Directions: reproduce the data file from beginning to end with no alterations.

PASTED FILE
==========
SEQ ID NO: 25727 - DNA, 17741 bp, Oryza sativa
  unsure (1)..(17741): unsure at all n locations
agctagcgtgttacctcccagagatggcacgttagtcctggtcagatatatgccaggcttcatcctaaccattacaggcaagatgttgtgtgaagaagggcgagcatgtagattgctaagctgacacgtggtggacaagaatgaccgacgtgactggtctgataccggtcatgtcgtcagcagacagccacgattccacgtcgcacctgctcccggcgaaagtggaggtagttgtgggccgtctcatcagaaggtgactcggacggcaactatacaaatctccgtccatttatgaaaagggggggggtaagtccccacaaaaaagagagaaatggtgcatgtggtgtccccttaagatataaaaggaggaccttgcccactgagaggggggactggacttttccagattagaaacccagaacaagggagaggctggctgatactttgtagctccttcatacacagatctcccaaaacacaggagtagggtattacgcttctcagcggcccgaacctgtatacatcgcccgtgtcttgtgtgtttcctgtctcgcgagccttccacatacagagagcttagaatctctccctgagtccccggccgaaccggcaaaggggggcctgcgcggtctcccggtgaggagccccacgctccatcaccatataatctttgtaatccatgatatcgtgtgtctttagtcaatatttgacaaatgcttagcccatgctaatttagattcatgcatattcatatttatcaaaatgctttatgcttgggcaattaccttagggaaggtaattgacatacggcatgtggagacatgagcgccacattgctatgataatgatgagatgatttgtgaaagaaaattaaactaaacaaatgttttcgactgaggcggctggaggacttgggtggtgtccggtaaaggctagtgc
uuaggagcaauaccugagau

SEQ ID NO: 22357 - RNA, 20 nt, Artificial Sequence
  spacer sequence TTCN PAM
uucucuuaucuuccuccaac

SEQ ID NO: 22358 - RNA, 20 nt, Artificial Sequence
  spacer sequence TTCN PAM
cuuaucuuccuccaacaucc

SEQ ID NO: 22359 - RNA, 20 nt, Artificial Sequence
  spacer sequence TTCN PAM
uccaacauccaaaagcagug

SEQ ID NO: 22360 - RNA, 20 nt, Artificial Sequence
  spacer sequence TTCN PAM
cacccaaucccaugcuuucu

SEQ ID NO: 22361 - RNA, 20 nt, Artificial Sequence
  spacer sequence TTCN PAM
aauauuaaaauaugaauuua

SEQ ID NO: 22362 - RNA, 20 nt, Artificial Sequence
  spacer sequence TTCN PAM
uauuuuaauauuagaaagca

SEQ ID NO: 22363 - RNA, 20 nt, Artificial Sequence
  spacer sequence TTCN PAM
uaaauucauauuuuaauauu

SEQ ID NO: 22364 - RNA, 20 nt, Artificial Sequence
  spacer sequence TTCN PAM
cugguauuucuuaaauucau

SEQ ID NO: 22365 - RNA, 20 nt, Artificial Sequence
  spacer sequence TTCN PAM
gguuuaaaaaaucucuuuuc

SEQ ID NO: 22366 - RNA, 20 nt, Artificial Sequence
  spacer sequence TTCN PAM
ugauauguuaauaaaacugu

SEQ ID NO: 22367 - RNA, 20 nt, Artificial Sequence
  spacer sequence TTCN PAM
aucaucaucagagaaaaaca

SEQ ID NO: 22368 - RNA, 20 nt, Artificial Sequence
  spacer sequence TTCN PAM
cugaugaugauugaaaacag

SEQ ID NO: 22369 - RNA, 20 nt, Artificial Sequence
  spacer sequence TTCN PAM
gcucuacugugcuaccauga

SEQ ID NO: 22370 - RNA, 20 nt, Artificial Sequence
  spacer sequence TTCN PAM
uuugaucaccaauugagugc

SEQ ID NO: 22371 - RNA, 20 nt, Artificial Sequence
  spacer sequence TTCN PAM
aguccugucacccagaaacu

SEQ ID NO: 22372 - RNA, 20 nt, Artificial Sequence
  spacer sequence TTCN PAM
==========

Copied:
SEQ ID NO: 25727 - DNA, 17741 bp, Oryza sativa
  unsure (1)..(17741): unsure at all n locations
agctagcgtgttacctcccagagatggcacgttagtcctggtcagatatatgccaggcttcatcctaaccattacaggcaagatgttgtgtgaagaagggcgagcatgtagattgctaagctgacacgtggtggacaagaatgaccgacgtgactggtctgataccggtcatgtcgtcagcagacagccacgattccacgtcgcacctgctcccggcgaaagtggaggtagttgtgggccgtctcatcagaaggtgactcggacggcaactatacaaatctccgtccatttatgaaaagggggggggtaagtccccacaaaaaagagagaaatggtgcatgtggtgtccccttaagatataaaaggaggaccttgcccactgagaggggggactggacttttccagattagaaacccagaacaagggagaggctggctgatactttgtagctccttcatacacagatctcccaaaacacaggagtagggtattacgcttctcagcggcccgaacctgtatacatcgcccgtgtcttgtgtgtttcctgtctcgcgagccttccacatacagagagcttagaatctctccctgagtccccggccgaaccggcaaaggggggcctgcgcggtctcccggtgaggagccccacgctccatcaccatataatctttgtaatccatgatatcgtgtgtctttagtcaatatttgacaaatgcttagcccatgctaatttagattcatgcatattcatatttatcaaaatgctttatgcttgggcaattaccttagggaaggtaattgacatacggcatgtggagacatgagcgccacattgctatgataatgatgagatgatttgtgaaagaaaattaaactaaacaaatgttttcgactgaggcggctggaggacttgggtggtgtccggtaaaggctagtgc
uuaggagcaauaccugagau

SEQ ID NO: 22357 - RNA, 20 nt, Artificial Sequence
  spacer sequence TTCN PAM
uucucuuaucuuccuccaac

SEQ ID NO: 22358 - RNA, 20 nt, Artificial Sequence
  spacer sequence TTCN PAM
cuuaucuuccuccaacaucc

SEQ ID NO: 22359 - RNA, 20 nt, Artificial Sequence
  spacer sequence TTCN PAM
uccaacauccaaaagcagug

SEQ ID NO: 22360 - RNA, 20 nt, Artificial Sequence
  spacer sequence TTCN PAM
cacccaaucccaugcuuucu

SEQ ID NO: 22361 - RNA, 20 nt, Artificial Sequence
  spacer sequence TTCN PAM
aauauuaaaauaugaauuua

SEQ ID NO: 22362 - RNA, 20 nt, Artificial Sequence
  spacer sequence TTCN PAM
uauuuuaauauuagaaagca

SEQ ID NO: 22363 - RNA, 20 nt, Artificial Sequence
  spacer sequence TTCN PAM
uaaauucauauuuuaauauu

SEQ ID NO: 22364 - RNA, 20 nt, Artificial Sequence
  spacer sequence TTCN PAM
cugguauuucuuaaauucau

SEQ ID NO: 22365 - RNA, 20 nt, Artificial Sequence
  spacer sequence TTCN PAM
gguuuaaaaaaucucuuuuc

SEQ ID NO: 22366 - RNA, 20 nt, Artificial Sequence
  spacer sequence TTCN PAM
ugauauguuaauaaaacugu

SEQ ID NO: 22367 - RNA, 20 nt, Artificial Sequence
  spacer sequence TTCN PAM
aucaucaucagagaaaaaca

SEQ ID NO: 22368 - RNA, 20 nt, Artificial Sequence
  spacer sequence TTCN PAM
cugaugaugauugaaaacag

SEQ ID NO: 22369 - RNA, 20 nt, Artificial Sequence
  spacer sequence TTCN PAM
gcucuacugugcuaccauga

SEQ ID NO: 22370 - RNA, 20 nt, Artificial Sequence
  spacer sequence TTCN PAM
uuugaucaccaauugagugc

SEQ ID NO: 22371 - RNA, 20 nt, Artificial Sequence
  spacer sequence TTCN PAM
aguccugucacccagaaacu

SEQ ID NO: 22372 - RNA, 20 nt, Artificial Sequence
  spacer sequence TTCN PAM